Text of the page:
Reposting This Excellent Video

130
Wed, Dec 16, 2015 - 10:21am

We first posted this video from John Titus back on September 16, just days before the most recent FOMC when The Fed was expected to "raise interest rates". No time like the present to post it again and we implore you to take the time to watch it.

In the 90 days since, we've gotten to know John a little bit and we've even had him in for an A2A webinar. That show is public, too, and I encourage you to listen when you have the time: https://www.tfmetalsreport.com/podcast/7227/a2a-john-titus

Financial media seem certain that Mother Fellen is going to raise the Fed Funds rate later today, perhaps by 25 basis points. So why is Mother so hell-bent on raising rates RIGHT NOW, even though all of the economic data is still awful? After all, we've stated for years that The Fed can't and won't raise rates. Remember, though, we've also told you countless times that "the FOMC/Fed will do whatever they deem is in the best interest of their (TBTF) member banks"? In this case, it's all about the excess reserves as described in John's video.

  • Mother can't eliminate the interest on excess reserves that The Bernank started paying in 2009. Recall the hissy fit Jamie Dimon threw at the mere mention of an excess reserve interest rate cut a few months back?
  • But Mother also can't force The Banks to lend nor can she force the banks to reverse repo the cash back to The Fed.

Therefore, she's considering raising rates by 25 bps. Why?

All of this is sort of what David Stockman discusses here: https://davidstockmanscontracorner.com/december-16-2015-when-the-end-of-the-bubble-begins/

The bet is that the "economy" can withstand higher rates and the flattened yield curve that usually foreshadows recession. Again, this is all uncharted territory, thanks to the criminal Bernank. Mother has NO IDEA of whether this will work. Perhaps, she'll hesitate again later today out of fear and uncertainty. We'll know soon enough.

Regardless of whether she does or doesn't, my plans aren't changing as I continue to add and stack physical precious metal. 2016 looms as a volatile and uncertain year. The news later today will only serve to raise the stakes.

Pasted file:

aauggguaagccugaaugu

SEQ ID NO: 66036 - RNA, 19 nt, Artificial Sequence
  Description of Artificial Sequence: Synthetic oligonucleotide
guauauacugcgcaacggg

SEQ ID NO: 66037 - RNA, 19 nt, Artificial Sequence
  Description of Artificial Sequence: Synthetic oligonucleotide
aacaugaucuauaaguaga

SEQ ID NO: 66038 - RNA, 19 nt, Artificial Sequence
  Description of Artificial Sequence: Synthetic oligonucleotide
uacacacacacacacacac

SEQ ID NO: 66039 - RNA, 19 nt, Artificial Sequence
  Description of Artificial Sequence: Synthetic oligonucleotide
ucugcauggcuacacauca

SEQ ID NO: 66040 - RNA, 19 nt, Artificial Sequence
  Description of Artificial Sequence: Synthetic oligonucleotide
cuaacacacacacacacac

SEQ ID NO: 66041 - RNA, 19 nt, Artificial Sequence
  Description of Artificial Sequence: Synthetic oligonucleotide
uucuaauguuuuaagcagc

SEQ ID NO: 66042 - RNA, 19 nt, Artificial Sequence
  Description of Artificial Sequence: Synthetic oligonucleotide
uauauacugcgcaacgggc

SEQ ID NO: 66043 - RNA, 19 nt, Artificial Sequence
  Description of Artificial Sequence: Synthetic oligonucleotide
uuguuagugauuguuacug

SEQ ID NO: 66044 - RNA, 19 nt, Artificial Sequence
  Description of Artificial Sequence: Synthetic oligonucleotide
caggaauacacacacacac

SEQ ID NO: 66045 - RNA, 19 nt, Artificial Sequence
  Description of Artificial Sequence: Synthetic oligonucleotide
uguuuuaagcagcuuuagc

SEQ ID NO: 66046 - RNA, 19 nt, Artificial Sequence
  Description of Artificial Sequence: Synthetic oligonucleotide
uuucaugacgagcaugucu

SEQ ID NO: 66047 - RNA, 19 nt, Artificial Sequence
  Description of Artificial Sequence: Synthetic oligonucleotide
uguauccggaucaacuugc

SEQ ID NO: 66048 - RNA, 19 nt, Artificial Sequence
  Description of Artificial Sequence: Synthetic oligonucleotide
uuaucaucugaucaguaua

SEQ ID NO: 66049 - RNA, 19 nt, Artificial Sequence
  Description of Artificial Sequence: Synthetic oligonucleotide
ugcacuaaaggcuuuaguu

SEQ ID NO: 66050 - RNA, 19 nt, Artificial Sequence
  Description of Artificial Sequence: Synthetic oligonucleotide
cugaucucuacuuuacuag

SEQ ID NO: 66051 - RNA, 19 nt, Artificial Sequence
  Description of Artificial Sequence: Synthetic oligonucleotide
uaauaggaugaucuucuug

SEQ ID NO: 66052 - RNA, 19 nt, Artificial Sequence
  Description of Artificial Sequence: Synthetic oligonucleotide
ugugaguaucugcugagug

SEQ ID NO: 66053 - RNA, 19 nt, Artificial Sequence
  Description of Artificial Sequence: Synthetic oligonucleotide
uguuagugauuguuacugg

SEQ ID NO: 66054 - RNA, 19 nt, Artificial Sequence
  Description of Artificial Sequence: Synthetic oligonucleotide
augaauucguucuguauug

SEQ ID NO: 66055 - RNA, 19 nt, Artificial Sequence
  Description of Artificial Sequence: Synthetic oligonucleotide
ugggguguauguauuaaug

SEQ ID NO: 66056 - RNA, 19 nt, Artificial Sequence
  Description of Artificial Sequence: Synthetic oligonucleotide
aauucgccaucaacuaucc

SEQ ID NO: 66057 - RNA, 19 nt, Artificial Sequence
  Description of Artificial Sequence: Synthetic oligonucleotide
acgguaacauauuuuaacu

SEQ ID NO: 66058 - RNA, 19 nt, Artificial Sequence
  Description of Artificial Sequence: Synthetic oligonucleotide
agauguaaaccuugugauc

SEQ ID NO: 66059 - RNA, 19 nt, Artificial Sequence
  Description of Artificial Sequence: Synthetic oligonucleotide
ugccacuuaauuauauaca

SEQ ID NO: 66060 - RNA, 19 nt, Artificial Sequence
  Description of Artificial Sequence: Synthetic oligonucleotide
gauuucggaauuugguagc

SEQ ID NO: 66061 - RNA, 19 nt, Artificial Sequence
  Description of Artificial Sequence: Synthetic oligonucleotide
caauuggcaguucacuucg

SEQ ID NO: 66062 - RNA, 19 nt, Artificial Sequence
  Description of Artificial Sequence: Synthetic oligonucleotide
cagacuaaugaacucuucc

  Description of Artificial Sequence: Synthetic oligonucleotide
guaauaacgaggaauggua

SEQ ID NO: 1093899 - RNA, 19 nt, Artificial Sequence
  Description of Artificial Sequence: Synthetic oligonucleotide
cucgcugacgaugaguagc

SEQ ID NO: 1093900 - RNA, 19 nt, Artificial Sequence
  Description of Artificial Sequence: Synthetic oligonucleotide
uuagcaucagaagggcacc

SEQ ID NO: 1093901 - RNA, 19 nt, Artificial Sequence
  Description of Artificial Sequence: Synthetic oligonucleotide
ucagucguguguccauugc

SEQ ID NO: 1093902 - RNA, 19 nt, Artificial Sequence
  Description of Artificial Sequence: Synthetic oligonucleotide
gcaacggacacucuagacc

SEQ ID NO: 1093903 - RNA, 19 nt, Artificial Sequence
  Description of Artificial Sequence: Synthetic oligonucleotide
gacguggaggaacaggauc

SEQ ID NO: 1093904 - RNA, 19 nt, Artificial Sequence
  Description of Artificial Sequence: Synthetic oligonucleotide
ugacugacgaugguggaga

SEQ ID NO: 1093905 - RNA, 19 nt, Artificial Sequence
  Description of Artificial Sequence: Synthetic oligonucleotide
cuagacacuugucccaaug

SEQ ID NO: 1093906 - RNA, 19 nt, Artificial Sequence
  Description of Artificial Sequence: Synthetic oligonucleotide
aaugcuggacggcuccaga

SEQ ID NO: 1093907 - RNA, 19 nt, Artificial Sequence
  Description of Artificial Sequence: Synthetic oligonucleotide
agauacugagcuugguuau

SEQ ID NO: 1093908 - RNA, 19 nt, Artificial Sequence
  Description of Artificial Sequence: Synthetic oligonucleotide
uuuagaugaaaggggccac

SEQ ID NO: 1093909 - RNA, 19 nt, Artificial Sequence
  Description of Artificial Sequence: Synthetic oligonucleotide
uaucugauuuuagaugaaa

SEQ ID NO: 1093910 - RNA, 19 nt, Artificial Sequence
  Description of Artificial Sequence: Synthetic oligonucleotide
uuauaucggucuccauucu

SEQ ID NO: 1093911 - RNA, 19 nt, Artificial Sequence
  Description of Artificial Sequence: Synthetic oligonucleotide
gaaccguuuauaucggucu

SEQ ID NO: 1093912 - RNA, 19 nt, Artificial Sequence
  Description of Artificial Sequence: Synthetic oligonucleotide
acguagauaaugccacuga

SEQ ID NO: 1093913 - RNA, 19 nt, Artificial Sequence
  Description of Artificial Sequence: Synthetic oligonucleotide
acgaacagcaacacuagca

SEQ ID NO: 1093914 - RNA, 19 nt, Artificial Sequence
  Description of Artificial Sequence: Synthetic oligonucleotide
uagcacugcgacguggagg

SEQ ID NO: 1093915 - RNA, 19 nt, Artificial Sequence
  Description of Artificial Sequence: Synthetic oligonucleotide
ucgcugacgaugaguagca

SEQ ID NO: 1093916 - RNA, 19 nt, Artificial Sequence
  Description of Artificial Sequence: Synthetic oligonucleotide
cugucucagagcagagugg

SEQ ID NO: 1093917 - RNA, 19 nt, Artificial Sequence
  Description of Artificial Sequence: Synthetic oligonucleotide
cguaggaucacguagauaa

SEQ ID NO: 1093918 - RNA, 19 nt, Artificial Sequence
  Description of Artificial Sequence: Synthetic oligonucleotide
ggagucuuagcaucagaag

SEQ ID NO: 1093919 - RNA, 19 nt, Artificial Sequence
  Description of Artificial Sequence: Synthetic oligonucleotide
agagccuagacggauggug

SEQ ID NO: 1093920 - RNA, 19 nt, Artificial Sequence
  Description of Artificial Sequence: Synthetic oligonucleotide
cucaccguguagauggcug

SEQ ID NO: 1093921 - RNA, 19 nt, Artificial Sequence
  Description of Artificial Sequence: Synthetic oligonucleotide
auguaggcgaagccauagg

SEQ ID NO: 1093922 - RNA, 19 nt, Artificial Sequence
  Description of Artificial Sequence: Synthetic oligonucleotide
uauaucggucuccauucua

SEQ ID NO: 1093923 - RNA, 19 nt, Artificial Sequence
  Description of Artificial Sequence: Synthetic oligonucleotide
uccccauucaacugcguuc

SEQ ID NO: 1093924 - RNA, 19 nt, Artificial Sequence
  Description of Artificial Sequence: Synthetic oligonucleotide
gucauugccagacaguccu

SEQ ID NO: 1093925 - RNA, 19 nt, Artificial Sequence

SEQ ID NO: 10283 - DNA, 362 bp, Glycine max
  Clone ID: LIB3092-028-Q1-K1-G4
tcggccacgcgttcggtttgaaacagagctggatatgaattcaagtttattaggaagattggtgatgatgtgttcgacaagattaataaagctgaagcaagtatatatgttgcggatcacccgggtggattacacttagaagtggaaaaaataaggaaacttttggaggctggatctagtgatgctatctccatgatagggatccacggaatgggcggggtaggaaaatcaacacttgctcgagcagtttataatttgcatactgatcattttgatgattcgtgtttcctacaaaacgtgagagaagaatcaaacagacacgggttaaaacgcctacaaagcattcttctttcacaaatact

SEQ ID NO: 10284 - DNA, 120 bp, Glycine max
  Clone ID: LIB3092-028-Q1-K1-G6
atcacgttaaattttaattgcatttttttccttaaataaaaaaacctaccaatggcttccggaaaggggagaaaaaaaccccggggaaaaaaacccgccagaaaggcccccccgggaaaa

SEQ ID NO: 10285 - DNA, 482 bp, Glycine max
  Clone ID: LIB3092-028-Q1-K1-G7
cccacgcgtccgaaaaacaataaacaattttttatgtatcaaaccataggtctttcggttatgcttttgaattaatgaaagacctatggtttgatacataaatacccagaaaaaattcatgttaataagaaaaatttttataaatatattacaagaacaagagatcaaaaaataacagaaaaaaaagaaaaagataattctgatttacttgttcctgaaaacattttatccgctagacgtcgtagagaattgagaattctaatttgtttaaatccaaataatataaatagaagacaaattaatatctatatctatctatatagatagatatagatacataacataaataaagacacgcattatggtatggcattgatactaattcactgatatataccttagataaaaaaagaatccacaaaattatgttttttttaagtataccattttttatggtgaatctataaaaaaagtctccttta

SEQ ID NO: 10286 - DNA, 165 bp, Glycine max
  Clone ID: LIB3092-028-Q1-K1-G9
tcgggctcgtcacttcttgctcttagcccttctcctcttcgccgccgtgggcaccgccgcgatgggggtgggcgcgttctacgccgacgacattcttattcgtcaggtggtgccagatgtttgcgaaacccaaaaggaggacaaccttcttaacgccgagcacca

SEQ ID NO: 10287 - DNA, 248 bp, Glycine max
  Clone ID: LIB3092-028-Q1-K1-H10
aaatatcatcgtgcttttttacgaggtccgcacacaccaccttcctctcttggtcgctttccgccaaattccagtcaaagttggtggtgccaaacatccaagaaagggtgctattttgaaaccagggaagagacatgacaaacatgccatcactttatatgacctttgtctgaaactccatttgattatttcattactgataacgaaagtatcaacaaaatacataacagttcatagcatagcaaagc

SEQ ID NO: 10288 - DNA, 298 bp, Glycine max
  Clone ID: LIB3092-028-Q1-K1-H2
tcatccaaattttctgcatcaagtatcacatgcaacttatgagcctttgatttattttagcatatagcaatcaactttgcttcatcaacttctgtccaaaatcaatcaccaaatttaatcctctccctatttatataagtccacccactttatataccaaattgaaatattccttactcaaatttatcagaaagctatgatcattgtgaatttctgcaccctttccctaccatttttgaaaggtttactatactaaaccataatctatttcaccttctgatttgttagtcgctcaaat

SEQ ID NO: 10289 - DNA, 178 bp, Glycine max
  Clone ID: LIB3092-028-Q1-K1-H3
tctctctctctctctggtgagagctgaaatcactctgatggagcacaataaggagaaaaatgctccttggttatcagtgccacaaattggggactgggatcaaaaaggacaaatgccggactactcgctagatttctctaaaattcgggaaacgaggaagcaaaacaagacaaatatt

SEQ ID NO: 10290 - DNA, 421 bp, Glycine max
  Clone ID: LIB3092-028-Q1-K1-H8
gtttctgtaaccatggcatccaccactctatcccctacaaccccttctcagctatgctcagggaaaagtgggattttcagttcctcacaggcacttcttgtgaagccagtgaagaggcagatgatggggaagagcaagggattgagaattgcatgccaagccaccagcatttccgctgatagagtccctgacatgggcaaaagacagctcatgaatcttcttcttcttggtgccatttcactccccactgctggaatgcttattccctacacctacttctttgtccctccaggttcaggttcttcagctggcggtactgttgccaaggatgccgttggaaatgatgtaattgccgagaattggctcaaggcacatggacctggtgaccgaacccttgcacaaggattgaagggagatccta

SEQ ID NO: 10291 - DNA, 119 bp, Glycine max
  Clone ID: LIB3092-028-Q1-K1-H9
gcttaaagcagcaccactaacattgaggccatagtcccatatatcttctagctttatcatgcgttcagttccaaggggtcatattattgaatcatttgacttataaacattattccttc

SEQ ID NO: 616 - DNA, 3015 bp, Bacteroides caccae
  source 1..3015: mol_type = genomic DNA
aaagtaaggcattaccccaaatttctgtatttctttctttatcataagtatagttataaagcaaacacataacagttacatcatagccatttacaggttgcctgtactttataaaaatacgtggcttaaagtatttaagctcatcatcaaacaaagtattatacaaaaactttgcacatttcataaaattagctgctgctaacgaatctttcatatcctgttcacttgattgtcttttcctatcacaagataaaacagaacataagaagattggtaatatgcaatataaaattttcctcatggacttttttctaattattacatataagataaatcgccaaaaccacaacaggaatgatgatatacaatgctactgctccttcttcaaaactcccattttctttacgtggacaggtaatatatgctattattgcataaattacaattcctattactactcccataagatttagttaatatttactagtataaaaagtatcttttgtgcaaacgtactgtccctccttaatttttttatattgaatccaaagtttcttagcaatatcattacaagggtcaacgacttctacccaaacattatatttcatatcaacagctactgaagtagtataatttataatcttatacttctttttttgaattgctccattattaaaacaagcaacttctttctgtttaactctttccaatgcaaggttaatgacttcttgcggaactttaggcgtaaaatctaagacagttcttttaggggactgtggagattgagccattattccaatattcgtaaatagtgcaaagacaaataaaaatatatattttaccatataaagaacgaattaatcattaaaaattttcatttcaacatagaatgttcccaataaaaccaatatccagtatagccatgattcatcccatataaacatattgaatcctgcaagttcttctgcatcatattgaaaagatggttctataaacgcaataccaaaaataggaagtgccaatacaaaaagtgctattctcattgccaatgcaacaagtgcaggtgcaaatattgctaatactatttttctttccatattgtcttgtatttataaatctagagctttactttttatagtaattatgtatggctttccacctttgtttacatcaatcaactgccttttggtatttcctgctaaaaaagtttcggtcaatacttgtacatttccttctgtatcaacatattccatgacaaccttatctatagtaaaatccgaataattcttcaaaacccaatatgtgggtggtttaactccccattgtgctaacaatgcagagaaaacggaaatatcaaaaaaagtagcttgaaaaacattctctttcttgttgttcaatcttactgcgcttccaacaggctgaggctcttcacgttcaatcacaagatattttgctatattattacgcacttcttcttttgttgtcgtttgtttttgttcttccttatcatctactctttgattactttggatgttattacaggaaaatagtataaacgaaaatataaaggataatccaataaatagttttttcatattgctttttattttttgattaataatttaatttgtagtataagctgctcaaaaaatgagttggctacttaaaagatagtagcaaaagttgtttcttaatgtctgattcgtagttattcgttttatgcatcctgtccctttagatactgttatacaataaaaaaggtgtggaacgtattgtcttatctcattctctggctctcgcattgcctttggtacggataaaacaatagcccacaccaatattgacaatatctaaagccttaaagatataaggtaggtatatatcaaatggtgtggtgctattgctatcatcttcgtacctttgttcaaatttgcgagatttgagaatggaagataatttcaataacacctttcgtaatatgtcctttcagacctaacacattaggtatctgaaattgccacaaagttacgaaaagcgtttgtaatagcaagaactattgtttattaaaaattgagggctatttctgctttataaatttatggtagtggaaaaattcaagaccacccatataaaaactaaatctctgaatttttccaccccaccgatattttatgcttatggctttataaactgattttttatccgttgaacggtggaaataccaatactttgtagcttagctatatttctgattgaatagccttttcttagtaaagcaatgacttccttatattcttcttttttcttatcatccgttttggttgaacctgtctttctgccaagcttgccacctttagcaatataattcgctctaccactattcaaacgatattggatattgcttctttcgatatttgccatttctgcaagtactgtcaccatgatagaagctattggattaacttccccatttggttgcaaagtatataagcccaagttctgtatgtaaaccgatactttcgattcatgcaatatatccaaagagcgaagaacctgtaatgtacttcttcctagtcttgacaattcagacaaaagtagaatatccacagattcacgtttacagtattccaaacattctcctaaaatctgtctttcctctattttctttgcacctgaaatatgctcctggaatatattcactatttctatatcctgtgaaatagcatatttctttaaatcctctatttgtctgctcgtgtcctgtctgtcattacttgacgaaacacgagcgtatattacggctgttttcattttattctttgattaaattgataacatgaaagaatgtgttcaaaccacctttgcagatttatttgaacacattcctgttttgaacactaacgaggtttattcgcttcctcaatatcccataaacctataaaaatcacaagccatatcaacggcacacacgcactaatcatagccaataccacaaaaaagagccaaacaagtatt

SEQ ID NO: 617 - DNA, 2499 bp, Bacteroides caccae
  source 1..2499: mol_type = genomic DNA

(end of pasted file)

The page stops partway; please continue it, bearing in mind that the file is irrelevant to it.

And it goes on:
TF

About the Author

Founder
turd [at] tfmetalsreport [dot] com ()

  130 Comments

brolgaboy
Dec 16, 2015 - 4:50pm

Jim Grant

says we go right back to zero.

Listening to all that crap on CNBS is making me go bonkers.

Yellen talks like she is some kind of robot and Fisher later

explains that she is an oracle. Oh my god!!

tyberious
Dec 16, 2015 - 5:02pm

Amazing. Look at how silver

Amazing. Look at how silver has held its value for 23 centuries–

December 16, 2015

Byron Bay, Australia

Thousands of years ago in ancient city of Babylon, specially trained scribes gathered each day in the Temple of Marduk to record the day’s events.

They used cuneiform writing instruments and clay tablets, over 1200 of which still survive today.

These scribes kept excellent records, detailing astronomical observances and water levels of the Euphrates River, as well as market prices for the most popular commodities like wheat, barley, and wool.

It’s incredible that we have detailed records of grain prices going back thousands of years.

The ancient Babylonians quoted grain prices in shekels, a unit of weight equivalent to 8.33 grams of silver.

Over the 3+ century period between 384 BC and 60 BC, for example, the price of barley averaged 0.02053 shekels per quart in Babylonia.

At 8.33 grams per shekel, this would be equivalent to about 0.171 grams of silver per quart, or about $3.75 based on today’s silver price.

After converting the unit of measurement from ancient quart to modern hundredweight (cwt), that means that barley in Babylonian times sold for $5.23 per cwt when priced in today’s dollars.

And according to the US Department of Agriculture, yesterday’s price for barley was… $5.25 per cwt.

Amazing. When denominated in silver, the price of barley is almost exactly the same as it was thousands of years ago.

In other words, if a farmer from 23 centuries ago had sold a quart of barley, he would have received 0.171 grams of silver.

Fast forward to today and that 0.171 grams of silver would buy almost the exact same amount of grain as it did 23 centuries ago.

This is an important reminder, especially today as the entire financial system waits with baited breath to see if the US Federal Reserve will raise interest rates for the first time in nearly a decade.